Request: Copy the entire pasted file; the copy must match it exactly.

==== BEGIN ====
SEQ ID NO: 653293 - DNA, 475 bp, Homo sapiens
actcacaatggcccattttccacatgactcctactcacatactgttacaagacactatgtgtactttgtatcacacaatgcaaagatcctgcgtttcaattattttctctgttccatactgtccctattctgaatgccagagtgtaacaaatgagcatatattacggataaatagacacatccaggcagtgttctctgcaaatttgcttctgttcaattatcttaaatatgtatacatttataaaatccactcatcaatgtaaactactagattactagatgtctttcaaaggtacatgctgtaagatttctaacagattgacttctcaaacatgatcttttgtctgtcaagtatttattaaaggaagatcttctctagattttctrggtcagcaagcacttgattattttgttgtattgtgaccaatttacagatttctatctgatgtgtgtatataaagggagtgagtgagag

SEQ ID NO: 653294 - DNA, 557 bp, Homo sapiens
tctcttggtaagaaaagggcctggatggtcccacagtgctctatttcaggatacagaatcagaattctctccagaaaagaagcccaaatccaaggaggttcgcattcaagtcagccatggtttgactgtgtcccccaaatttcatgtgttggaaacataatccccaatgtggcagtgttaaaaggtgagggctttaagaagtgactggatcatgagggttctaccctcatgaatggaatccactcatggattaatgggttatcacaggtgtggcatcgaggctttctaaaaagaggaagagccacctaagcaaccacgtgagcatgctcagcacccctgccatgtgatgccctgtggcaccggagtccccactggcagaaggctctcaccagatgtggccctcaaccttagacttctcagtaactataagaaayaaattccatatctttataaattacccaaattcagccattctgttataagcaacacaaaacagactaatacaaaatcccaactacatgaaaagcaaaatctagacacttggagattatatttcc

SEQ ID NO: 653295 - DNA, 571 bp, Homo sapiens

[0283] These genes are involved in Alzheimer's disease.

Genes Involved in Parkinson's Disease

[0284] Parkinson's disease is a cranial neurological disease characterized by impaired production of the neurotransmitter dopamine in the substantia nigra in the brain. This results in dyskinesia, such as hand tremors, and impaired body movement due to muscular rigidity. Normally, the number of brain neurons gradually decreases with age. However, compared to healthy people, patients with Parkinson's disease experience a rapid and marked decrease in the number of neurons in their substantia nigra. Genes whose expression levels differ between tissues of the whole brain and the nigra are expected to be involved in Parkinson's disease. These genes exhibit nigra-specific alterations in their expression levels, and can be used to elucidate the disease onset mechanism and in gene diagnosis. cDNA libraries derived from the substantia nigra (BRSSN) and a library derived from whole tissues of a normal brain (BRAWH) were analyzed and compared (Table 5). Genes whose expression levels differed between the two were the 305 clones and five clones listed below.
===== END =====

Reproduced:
SEQ ID NO: 653293 - DNA, 475 bp, Homo sapiens
actcacaatggcccattttccacatgactcctactcacatactgttacaagacactatgtgtactttgtatcacacaatgcaaagatcctgcgtttcaattattttctctgttccatactgtccctattctgaatgccagagtgtaacaaatgagcatatattacggataaatagacacatccaggcagtgttctctgcaaatttgcttctgttcaattatcttaaatatgtatacatttataaaatccactcatcaatgtaaactactagattactagatgtctttcaaaggtacatgctgtaagatttctaacagattgacttctcaaacatgatcttttgtctgtcaagtatttattaaaggaagatcttctctagattttctrggtcagcaagcacttgattattttgttgtattgtgaccaatttacagatttctatctgatgtgtgtatataaagggagtgagtgagag

SEQ ID NO: 653294 - DNA, 557 bp, Homo sapiens
tctcttggtaagaaaagggcctggatggtcccacagtgctctatttcaggatacagaatcagaattctctccagaaaagaagcccaaatccaaggaggttcgcattcaagtcagccatggtttgactgtgtcccccaaatttcatgtgttggaaacataatccccaatgtggcagtgttaaaaggtgagggctttaagaagtgactggatcatgagggttctaccctcatgaatggaatccactcatggattaatgggttatcacaggtgtggcatcgaggctttctaaaaagaggaagagccacctaagcaaccacgtgagcatgctcagcacccctgccatgtgatgccctgtggcaccggagtccccactggcagaaggctctcaccagatgtggccctcaaccttagacttctcagtaactataagaaayaaattccatatctttataaattacccaaattcagccattctgttataagcaacacaaaacagactaatacaaaatcccaactacatgaaaagcaaaatctagacacttggagattatatttcc

SEQ ID NO: 653295 - DNA, 571 bp, Homo sapiens

[0283] These genes are involved in Alzheimer's disease.

Genes Involved in Parkinson's Disease

[0284] Parkinson's disease is a cranial neurological disease characterized by impaired production of the neurotransmitter dopamine in the substantia nigra in the brain. This results in dyskinesia, such as hand tremors, and impaired body movement due to muscular rigidity. Normally, the number of brain neurons gradually decreases with age. However, compared to healthy people, patients with Parkinson's disease experience a rapid and marked decrease in the number of neurons in their substantia nigra. Genes whose expression levels differ between tissues of the whole brain and the nigra are expected to be involved in Parkinson's disease. These genes exhibit nigra-specific alterations in their expression levels, and can be used to elucidate the disease onset mechanism and in gene diagnosis. cDNA libraries derived from the substantia nigra (BRSSN) and a library derived from whole tissues of a normal brain (BRAWH) were analyzed and compared (Table 5). Genes whose expression levels differed between the two were the 305 clones and five clones listed below.